AI and sustainable construction using ‘foamed concrete’

Study: Machine learning algorithms formulate better building materials

September 5, 2022

2 Min Read

Study: Machine learning algorithms formulate better building materials

Concrete is widely used in construction, but it has a large carbon footprint and is a key contributor to climate change. There is a more sustainable replacement called ‘foamed concrete,’ but finding the optimal mixture of ingredients to make it is complex, takes time and is costly.

Now a team of scientists is applying machine learning to predict the compressive qualities of concretes before manufacture, saving time, cost and reducing waste, according to a paper published in in Cement and Concrete Composites.

Foamed concrete, also known as lightweight cellular concrete or low-density foamed concrete, is made of cement, foaming agents, aggregate, and water. Its light cellular structure uses a binding mortar to support air voids, which ultimately reduces the weight of the building materials. It is already being used in the U.K., Canada and Korea. 

The material has excellent physical, mechanical, and physiochemical properties for construction. The type of foaming agent, granulometry of aggregates and cement minerology are variables that can be optimized. Water quality, mixture proportions, and the uniformity and type of pores are other important characteristics. Furthermore, the curing method plays a role in the end product.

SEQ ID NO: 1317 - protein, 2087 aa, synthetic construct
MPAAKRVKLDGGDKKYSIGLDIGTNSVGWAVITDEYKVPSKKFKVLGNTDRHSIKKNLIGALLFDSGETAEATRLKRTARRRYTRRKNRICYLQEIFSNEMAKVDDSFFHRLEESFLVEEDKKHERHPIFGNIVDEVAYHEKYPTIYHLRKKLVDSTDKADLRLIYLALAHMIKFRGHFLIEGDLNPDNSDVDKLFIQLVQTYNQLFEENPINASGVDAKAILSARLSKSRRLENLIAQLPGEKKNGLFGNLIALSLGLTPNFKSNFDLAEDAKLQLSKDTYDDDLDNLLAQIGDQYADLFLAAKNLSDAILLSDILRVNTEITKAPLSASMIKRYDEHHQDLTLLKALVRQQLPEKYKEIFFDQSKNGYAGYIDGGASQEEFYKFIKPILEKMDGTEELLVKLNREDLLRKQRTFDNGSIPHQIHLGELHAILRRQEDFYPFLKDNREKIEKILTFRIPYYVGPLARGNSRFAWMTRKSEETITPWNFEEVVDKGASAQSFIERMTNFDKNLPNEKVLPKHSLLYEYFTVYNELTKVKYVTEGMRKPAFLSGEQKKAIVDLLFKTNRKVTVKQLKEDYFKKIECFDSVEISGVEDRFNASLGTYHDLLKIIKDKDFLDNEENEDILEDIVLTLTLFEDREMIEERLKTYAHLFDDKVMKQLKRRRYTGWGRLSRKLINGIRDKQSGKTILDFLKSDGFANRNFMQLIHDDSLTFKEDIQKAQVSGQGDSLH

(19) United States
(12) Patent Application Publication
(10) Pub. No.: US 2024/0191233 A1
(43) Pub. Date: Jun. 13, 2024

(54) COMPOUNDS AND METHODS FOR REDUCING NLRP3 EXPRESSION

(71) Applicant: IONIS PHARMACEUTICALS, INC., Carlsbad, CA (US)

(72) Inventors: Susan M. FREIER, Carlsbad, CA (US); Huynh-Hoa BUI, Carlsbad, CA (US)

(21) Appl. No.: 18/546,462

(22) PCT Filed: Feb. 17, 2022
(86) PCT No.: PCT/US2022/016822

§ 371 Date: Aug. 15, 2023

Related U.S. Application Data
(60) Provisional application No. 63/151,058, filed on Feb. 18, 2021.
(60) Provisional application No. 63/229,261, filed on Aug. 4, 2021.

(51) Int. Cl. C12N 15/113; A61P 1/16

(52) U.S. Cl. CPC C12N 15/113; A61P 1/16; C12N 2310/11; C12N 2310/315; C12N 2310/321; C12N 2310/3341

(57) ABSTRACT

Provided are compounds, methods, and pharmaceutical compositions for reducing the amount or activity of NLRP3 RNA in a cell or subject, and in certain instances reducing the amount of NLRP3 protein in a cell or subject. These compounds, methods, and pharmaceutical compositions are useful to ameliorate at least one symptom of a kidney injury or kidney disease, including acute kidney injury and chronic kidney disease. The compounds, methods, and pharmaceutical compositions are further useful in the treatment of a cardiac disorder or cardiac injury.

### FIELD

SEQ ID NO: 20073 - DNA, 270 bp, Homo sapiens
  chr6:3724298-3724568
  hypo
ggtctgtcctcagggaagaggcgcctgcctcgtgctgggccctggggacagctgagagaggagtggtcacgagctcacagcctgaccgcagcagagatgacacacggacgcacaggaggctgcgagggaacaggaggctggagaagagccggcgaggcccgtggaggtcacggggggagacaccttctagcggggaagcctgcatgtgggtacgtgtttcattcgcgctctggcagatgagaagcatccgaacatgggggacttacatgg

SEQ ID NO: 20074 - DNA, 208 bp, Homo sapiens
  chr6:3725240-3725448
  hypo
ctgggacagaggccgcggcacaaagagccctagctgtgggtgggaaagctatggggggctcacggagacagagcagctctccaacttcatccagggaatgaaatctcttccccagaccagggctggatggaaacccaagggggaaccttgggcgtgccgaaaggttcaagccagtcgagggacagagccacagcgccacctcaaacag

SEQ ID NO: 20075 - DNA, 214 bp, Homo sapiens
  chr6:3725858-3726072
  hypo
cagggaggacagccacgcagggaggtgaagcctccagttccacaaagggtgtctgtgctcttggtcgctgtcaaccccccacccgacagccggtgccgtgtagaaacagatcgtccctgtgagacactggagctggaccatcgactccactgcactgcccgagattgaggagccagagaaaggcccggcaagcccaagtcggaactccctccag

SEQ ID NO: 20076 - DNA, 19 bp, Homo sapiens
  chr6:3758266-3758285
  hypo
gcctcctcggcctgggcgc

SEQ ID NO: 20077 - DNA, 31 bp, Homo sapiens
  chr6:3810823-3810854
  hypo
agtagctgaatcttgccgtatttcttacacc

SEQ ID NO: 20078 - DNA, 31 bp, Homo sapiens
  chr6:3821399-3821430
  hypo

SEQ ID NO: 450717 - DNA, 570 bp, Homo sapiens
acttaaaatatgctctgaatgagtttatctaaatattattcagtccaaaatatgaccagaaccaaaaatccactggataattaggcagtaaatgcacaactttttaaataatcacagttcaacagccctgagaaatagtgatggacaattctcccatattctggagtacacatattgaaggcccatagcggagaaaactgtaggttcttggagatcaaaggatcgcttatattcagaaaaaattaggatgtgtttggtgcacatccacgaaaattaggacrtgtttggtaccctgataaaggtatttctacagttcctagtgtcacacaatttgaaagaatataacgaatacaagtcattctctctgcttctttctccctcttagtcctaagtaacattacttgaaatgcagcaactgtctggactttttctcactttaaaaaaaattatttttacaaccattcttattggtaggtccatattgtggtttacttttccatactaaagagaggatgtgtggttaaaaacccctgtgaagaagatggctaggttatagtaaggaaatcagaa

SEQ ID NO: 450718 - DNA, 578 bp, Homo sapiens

AI-based models have the capability to optimize the mixture of foamed concrete materials for high strength-to-weight ratio for structural product performance. It can also find the best formula for energy consumption, thermal conductivity, and fire resistance.

Currently, scientists use empirical models based on complex complications to factor in characteristics, such as the relationship between compressive strength and material properties. The paper focused on using machine learning to forecast the compressive properties of concretes before production. Machine learning can help predict structural behavior.

The researchers used three machine learning algorithms with nonlinear capabilities: GBT, GEP, and ANN. The GBT model performed the best with the highest validation data. Sand to cement ratios and water to cement ratios were analyzed using parametric analysis.

The research showed a high correlation between compressive strength and foamed concrete density. The algorithms demonstrated an accurate prediction of the compressive strength of foamed concrete, proving how machine learning can accurately optimize foamed concrete for the construction industry. 

The team suggested future studies could involve varying the foaming agent dosages in the machine learning algorithms to find an improved formula for foamed concrete.

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